Wednesday 6 February 2013

Terrain Tutorial: Simpler Mini Bunkers for 40K

Some time ago I offered up a tutorial on mini bunkers which can enclose a single HW Team. I noticed two things about them that could be improved on. First, they relied on a store of plasticard, and on laminating it. So this has been replaced  with foamcard, which is easier to cut to shape. Second, they were designed only with Imperial Guard models in mind. I realised that just adding a little height would allow them to be used for taller miniatures, such as Space Marines toting Missile Launchers, opening up a wider vista of opportunities for these little fellas. So now they are more versatile! Ever the recycler, I have re-used some pictures and text from the earlier tutorial. Here's how you make the simpler bunkers.

* Plasticard sheet (0.5mm thickness)
* Plasticard rod (of whichever size you feel best suits buttons, rivets and door-hinges)
* Polystyrene cement
* Cardboard
* Foamcard (5mm thickness)
* Green Stuff or Milliput
* Superglue
* Sand
* Paint
* PVA glue
* Spare CDs or other things to use as bases
* Hot glue gun and sticks
* Ruler
* Pencil
* Knife

1) Grab yourself a bit of cardboard. A cereal box would be fine. Mark yourself a square with sides of 3" (75mm), and cut it out. Find the midpoint of each side, mark half an inch (12.5mm) either side of this, so that there is an inch (25mm) marked in the middle of each side. Trace lines between these so as to create a slightly irregular octagon. Cut along these lines to create such an octagon. Using superglue, secure this template to the centre of your CD, remembering not to put glue where the hole will be, accidentally gluing it to your work surface! For a plan see Fig. 1, and see Fig. 2 for the cardboard glued in place.

2) Cut a strip of foamcard that is 45mm across. If you want a taller bunker, just increase this measurement. Cut three 25mm strips. See Fig. 3.

3) Using the hot glue gun, glue the three strips to the perimeter of your card template and try to ensure they set in a vertical position. Then trim some more pieces of the foamcard to slightly longer than the gaps between them, and dry-fit them in place. Trim them to size with your knife, and then use the hot glue gun to secure them. For the front of the bunker, do not add the very front wall until last. First make your rough cuts of the front left and front right sides. You should have an angular C-shape and reversed shape. The bottom of the C should be 14mm, the top and side 10mm. Glue them in place with the hot glue gun. See Fig. 4.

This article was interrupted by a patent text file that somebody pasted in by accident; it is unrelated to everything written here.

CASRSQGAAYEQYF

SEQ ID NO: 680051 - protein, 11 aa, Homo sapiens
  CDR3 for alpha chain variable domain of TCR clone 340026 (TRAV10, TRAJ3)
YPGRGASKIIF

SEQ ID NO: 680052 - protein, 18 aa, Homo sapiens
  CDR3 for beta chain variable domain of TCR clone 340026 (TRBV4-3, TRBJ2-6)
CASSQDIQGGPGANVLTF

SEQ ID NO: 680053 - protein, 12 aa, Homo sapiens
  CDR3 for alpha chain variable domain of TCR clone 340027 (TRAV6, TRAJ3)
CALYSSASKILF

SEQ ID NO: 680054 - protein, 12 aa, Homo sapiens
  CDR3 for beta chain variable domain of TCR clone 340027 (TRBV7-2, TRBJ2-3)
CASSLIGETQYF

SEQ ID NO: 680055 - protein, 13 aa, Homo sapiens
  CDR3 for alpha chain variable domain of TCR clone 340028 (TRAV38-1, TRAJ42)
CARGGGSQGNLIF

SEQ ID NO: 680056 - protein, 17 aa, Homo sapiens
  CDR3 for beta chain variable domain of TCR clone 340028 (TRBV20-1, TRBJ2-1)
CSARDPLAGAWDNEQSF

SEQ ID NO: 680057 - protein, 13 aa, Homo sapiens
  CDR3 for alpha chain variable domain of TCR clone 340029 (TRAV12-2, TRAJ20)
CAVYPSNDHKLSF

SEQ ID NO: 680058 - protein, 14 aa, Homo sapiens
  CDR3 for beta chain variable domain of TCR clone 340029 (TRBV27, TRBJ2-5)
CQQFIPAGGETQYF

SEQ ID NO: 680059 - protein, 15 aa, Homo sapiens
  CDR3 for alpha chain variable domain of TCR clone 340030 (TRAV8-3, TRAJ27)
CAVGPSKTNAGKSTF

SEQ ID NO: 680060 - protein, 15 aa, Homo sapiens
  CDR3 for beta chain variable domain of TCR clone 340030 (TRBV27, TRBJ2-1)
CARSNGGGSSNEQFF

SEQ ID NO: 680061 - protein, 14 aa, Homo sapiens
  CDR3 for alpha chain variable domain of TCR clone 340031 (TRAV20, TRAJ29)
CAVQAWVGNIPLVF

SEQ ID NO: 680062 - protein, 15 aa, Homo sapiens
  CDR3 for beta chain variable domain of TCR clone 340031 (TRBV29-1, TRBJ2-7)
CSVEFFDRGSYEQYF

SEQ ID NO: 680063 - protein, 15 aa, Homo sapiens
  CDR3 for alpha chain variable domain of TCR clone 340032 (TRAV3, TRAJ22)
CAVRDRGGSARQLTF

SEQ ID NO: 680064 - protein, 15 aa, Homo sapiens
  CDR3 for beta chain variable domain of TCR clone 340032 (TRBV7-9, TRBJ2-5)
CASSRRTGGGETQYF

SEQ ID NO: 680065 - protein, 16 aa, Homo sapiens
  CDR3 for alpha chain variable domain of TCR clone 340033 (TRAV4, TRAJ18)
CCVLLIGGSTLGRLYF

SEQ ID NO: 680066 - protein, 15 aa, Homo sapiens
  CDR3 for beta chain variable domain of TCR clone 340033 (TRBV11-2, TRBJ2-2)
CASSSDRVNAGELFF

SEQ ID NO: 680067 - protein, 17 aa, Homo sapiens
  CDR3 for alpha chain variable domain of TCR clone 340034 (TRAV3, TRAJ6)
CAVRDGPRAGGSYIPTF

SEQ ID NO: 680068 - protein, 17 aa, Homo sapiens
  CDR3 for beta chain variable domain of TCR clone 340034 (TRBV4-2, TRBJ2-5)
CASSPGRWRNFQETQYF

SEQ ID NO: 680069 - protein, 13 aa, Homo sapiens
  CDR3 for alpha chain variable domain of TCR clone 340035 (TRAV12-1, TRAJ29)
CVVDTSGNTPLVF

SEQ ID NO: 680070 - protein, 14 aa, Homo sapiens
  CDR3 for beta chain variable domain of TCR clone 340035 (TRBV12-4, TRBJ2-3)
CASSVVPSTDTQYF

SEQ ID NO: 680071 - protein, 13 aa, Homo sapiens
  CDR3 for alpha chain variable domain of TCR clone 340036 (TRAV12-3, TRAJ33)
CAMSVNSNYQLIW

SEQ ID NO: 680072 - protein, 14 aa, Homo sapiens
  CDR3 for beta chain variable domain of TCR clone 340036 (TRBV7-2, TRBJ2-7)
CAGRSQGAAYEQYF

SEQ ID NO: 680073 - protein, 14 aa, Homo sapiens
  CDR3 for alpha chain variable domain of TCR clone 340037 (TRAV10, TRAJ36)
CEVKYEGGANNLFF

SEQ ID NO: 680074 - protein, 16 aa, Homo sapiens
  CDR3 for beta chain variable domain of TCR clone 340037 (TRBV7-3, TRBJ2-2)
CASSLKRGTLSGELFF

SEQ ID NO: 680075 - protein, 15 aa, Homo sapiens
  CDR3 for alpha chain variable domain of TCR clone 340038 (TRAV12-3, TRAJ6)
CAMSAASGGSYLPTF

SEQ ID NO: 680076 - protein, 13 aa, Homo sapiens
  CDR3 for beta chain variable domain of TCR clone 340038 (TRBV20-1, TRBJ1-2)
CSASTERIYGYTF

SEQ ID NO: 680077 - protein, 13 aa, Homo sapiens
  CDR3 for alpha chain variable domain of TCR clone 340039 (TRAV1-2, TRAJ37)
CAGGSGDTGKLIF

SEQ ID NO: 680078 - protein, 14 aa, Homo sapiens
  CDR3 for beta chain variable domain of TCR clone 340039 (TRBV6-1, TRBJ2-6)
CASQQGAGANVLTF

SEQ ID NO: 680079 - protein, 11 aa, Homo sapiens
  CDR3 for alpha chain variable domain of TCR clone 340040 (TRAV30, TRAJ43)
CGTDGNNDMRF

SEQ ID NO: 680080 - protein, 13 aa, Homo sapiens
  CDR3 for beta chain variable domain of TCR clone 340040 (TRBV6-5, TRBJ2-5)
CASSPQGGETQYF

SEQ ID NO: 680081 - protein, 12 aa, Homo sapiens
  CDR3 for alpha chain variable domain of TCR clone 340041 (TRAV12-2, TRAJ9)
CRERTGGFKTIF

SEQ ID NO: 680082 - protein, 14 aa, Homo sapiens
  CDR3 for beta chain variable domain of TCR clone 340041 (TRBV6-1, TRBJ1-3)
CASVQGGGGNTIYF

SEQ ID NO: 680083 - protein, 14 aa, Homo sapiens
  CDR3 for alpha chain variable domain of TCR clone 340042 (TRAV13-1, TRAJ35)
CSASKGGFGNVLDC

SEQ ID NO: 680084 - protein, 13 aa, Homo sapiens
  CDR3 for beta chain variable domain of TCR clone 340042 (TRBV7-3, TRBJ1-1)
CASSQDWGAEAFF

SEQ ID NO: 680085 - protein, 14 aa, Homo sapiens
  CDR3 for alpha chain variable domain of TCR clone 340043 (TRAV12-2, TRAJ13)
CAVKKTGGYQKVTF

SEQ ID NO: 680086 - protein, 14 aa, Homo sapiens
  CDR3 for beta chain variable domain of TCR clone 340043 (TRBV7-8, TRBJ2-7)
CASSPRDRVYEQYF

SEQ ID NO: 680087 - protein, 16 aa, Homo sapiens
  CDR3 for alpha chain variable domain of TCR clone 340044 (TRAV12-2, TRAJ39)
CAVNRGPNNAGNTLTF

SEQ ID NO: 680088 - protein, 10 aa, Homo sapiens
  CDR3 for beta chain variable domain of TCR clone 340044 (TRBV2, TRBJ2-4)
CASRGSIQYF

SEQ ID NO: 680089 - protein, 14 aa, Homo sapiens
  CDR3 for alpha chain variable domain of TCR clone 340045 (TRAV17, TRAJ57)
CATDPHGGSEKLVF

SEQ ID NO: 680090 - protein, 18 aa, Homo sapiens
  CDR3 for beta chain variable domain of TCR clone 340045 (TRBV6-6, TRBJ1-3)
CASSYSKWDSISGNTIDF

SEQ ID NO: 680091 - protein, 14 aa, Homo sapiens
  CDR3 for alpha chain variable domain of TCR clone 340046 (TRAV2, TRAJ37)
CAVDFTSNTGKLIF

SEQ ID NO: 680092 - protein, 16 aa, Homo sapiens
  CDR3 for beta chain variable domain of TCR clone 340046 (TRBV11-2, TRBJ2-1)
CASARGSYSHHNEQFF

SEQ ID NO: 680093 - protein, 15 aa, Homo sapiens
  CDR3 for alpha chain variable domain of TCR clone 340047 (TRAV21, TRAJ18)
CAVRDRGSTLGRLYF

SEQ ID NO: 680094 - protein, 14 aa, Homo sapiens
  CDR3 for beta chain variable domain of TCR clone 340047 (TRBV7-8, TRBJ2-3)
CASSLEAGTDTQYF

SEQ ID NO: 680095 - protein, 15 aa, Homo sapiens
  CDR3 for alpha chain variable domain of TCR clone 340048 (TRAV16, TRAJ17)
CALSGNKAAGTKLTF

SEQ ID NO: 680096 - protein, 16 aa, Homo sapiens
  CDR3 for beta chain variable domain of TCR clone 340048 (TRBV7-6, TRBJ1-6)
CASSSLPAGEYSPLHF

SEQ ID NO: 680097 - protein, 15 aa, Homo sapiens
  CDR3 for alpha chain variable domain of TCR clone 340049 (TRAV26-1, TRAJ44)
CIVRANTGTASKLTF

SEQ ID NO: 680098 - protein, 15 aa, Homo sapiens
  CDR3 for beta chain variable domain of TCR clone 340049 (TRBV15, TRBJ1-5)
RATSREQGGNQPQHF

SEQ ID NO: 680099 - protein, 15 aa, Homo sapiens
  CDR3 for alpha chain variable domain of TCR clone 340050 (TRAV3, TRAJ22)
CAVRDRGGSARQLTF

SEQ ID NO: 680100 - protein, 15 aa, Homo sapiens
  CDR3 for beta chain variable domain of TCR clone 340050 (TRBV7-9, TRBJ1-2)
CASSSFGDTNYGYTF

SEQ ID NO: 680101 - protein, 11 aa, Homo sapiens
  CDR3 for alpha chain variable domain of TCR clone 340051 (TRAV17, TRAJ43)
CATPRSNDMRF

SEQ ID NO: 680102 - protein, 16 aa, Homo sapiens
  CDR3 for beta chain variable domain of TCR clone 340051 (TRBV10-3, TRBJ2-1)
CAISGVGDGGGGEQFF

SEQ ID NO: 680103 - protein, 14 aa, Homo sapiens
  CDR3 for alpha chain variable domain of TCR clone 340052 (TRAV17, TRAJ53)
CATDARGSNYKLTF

4) Cut a couple of pieces of foamcard to fill the gaps in the front of the building, and with the hot glue gun, secure them in place. See Fig. 5. Now trim down the odd protrusions and smooth out the sides of the bunker as much as you can with your knife. Cutting a lot of foamcore may blunt it, so do change the blade if you need to. Now you can, if you, like, add a layer of 0.5mm-thick plasticard around the outside (and inside) of the bunker, and fill in any empty spots with GS or Milliput. I only had GS at the time. See Fig. 6.

5) Now use a bit of plasticard and knock up a door for the back of the bunker. Apply rivets and a handle or control panel and superglue it in place. See Fig. 7. You can compare the two different designs of bunker in Fig 8. The walls of this newer bunker are a bit thicker, as you can see. Turn the bunker upside down on a sheet of foamcard, and trace around itsedges. Carefully cut this shape out of the foamcard, trim it a little, and you should have a perfectly fitting roof.

6) Now grab a  load of sand and some slightly diluted PVA glue. Apply the PVA liberally to the bunker, and to the roof, and apply sand atop this. Remember to scrape off any sand that gunks up the door. Wait for this to dry, then apply a coat of dilute PVA over the top of it for it to dry. Then undercoat as you wish, and set to painting. See Figs. 9 & 10.

Some of the pictures below are out of numerical order. Blogger seems to enjoy doing this. Attempts to move them always result in a mess. They are labelled with the correct numbers, so you shan't get too lost! Happy gaming, folks!


  1. These are cool, I'll share them on my blog if that's OK?

    1. Glad you like them. By all means share away!

  2. I also wanted to say that these are very cool. I love the instructions -you make it look so simple.

    1. Cheers, Colonel! I'm glad you like them! I promise they're as easy as they look. :)

  3. Supper have to give this a go
    Keep the good work up


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